This study examined predictors of family burden (assistance in daily living, supervision, and subjective concern) for family members of Medicaid recipients with severe mental illness in two regions of Virginia. In the Richmond area, mental health services were provided on a no-risk fee-for-service basis, while in Tidewater these services were provided through a risk-based capitated contract with a managed care organization. No differences in family burden were attributable to the risk-based payment system. Predictors of increased family burden were (a) more reported client symptoms and disruptive behaviors, (b) status as a parent, and (c) living with the client.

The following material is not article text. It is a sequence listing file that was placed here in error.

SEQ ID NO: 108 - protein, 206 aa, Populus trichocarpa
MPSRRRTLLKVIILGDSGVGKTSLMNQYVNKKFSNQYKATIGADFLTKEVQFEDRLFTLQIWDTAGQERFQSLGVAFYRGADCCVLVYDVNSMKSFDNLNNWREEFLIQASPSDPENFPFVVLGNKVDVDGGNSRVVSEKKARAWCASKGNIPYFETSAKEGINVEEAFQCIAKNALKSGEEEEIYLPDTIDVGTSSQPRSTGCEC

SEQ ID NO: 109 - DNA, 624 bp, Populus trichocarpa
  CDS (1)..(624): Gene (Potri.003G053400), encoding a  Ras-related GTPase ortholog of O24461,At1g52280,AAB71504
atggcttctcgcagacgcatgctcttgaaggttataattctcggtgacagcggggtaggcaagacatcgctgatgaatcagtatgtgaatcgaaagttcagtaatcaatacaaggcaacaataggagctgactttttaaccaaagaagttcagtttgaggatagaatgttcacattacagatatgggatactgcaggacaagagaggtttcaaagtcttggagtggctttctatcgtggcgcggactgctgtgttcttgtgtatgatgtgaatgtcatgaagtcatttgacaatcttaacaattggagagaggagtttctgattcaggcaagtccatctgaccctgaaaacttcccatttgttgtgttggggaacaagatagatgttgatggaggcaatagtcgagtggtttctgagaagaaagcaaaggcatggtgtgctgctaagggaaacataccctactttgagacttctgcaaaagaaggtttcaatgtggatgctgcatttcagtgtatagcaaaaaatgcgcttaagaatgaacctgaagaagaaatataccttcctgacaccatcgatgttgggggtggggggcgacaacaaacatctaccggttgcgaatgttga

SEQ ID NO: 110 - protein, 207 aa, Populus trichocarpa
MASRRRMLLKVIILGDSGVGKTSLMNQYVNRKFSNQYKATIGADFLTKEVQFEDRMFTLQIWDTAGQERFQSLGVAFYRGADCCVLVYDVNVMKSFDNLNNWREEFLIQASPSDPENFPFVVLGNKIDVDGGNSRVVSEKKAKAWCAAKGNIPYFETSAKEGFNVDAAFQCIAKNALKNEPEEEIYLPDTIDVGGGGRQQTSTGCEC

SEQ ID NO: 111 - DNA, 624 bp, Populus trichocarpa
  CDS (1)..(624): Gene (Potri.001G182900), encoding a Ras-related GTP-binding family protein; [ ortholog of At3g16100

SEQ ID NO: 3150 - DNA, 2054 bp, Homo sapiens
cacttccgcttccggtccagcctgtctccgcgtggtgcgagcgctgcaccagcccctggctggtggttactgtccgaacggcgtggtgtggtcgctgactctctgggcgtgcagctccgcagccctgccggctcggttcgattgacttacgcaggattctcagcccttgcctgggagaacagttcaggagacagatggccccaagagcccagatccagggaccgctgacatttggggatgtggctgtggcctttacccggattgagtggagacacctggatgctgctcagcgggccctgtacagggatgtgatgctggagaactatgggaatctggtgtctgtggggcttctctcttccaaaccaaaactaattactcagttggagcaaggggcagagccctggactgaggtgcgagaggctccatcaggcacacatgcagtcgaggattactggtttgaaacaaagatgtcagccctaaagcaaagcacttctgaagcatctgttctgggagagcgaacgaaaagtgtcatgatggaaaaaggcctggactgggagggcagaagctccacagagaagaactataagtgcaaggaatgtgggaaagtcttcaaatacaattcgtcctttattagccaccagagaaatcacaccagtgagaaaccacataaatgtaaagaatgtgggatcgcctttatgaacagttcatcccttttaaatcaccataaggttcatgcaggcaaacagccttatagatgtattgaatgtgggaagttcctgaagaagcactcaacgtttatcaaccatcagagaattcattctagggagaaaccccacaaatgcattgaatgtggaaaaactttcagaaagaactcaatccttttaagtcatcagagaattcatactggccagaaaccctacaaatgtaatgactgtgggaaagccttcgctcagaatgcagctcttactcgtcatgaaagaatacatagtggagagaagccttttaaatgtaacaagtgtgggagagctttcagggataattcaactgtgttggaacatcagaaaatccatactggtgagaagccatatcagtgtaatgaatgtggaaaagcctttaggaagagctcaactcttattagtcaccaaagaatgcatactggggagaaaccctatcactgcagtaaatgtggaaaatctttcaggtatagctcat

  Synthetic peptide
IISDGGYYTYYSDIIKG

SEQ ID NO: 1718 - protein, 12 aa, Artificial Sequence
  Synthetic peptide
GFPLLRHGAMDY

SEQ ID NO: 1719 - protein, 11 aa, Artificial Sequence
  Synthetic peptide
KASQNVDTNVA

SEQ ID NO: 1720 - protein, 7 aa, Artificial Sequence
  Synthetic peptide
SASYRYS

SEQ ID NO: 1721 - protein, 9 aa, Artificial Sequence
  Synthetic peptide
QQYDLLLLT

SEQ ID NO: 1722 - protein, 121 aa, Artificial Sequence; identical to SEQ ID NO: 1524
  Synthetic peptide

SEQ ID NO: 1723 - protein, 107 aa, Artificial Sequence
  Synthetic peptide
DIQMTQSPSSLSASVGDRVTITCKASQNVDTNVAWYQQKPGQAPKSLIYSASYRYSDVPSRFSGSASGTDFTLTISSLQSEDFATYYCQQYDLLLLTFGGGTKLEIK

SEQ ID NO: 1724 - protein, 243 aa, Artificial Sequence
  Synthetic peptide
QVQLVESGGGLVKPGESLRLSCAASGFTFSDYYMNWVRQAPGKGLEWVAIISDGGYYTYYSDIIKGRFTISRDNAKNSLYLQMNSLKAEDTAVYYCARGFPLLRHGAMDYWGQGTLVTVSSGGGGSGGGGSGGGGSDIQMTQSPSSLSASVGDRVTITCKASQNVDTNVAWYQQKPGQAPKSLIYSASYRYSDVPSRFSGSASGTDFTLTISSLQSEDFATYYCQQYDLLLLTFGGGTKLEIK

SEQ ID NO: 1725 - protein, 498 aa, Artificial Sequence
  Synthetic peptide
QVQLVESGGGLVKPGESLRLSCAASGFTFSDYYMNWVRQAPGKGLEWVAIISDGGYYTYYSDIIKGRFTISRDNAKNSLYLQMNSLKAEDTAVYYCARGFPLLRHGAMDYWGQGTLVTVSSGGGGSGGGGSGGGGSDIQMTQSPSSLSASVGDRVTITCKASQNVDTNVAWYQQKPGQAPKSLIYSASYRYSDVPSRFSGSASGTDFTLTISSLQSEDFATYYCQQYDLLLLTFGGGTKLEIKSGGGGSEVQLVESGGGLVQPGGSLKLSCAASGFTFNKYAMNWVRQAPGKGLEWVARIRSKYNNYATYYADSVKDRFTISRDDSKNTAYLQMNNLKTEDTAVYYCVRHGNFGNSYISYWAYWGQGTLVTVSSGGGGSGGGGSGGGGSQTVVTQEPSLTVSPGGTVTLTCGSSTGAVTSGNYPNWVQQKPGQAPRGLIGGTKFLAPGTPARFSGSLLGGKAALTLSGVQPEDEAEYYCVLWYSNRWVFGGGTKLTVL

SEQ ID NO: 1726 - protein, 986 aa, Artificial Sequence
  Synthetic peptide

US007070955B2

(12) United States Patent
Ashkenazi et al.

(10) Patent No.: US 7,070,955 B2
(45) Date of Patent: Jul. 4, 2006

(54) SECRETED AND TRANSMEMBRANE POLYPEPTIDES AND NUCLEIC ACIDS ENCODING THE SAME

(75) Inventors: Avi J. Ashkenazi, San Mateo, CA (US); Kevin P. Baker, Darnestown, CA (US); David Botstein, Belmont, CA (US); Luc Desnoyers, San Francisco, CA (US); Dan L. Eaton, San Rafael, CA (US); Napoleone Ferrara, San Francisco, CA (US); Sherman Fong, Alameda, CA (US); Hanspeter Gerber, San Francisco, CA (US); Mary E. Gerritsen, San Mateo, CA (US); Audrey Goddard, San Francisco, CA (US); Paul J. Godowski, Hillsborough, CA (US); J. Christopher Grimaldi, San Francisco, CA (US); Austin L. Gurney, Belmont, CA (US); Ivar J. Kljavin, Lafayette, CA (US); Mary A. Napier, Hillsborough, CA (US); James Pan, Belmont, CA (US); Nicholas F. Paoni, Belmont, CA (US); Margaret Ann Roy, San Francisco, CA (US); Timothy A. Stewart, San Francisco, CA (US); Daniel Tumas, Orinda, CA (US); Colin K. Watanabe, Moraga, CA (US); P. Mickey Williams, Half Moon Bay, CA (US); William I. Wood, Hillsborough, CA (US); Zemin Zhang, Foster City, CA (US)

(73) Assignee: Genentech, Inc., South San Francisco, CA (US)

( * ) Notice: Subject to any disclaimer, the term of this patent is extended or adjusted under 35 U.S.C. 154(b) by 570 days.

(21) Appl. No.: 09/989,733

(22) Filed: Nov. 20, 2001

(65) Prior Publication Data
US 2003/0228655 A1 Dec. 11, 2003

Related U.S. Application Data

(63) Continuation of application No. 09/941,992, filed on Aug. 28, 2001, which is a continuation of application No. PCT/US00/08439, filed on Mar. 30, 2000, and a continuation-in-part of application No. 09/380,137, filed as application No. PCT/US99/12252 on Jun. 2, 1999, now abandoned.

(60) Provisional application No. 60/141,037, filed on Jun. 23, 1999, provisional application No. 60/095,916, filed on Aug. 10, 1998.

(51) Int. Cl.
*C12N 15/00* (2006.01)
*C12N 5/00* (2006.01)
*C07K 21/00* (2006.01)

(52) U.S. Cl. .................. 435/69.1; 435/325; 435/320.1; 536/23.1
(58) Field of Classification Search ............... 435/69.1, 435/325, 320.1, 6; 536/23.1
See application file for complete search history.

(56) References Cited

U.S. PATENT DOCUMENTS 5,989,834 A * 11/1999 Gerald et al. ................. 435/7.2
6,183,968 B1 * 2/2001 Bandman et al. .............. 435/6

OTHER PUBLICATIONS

|Number of pages||12|
|Journal||Administration and Policy in Mental Health and Mental Health Services Research|
|State||Published - 2001|
Bibliographical noteFunding Information:
In both sites, CSBs provided case management and rehabilitation services to persons with SMI on an FFS basis under Virginia’s Medicaid State Plan Option (SPO). By state law, only CSBs were eligible for Medicaid payments for SPO services. Substance abuse services were not a covered benefit under the Virginia Medicaid program; these services were supported by block grant funding from the State Department of Mental Health, Mental Retardation, and Substance Abuse Services to the CSBs.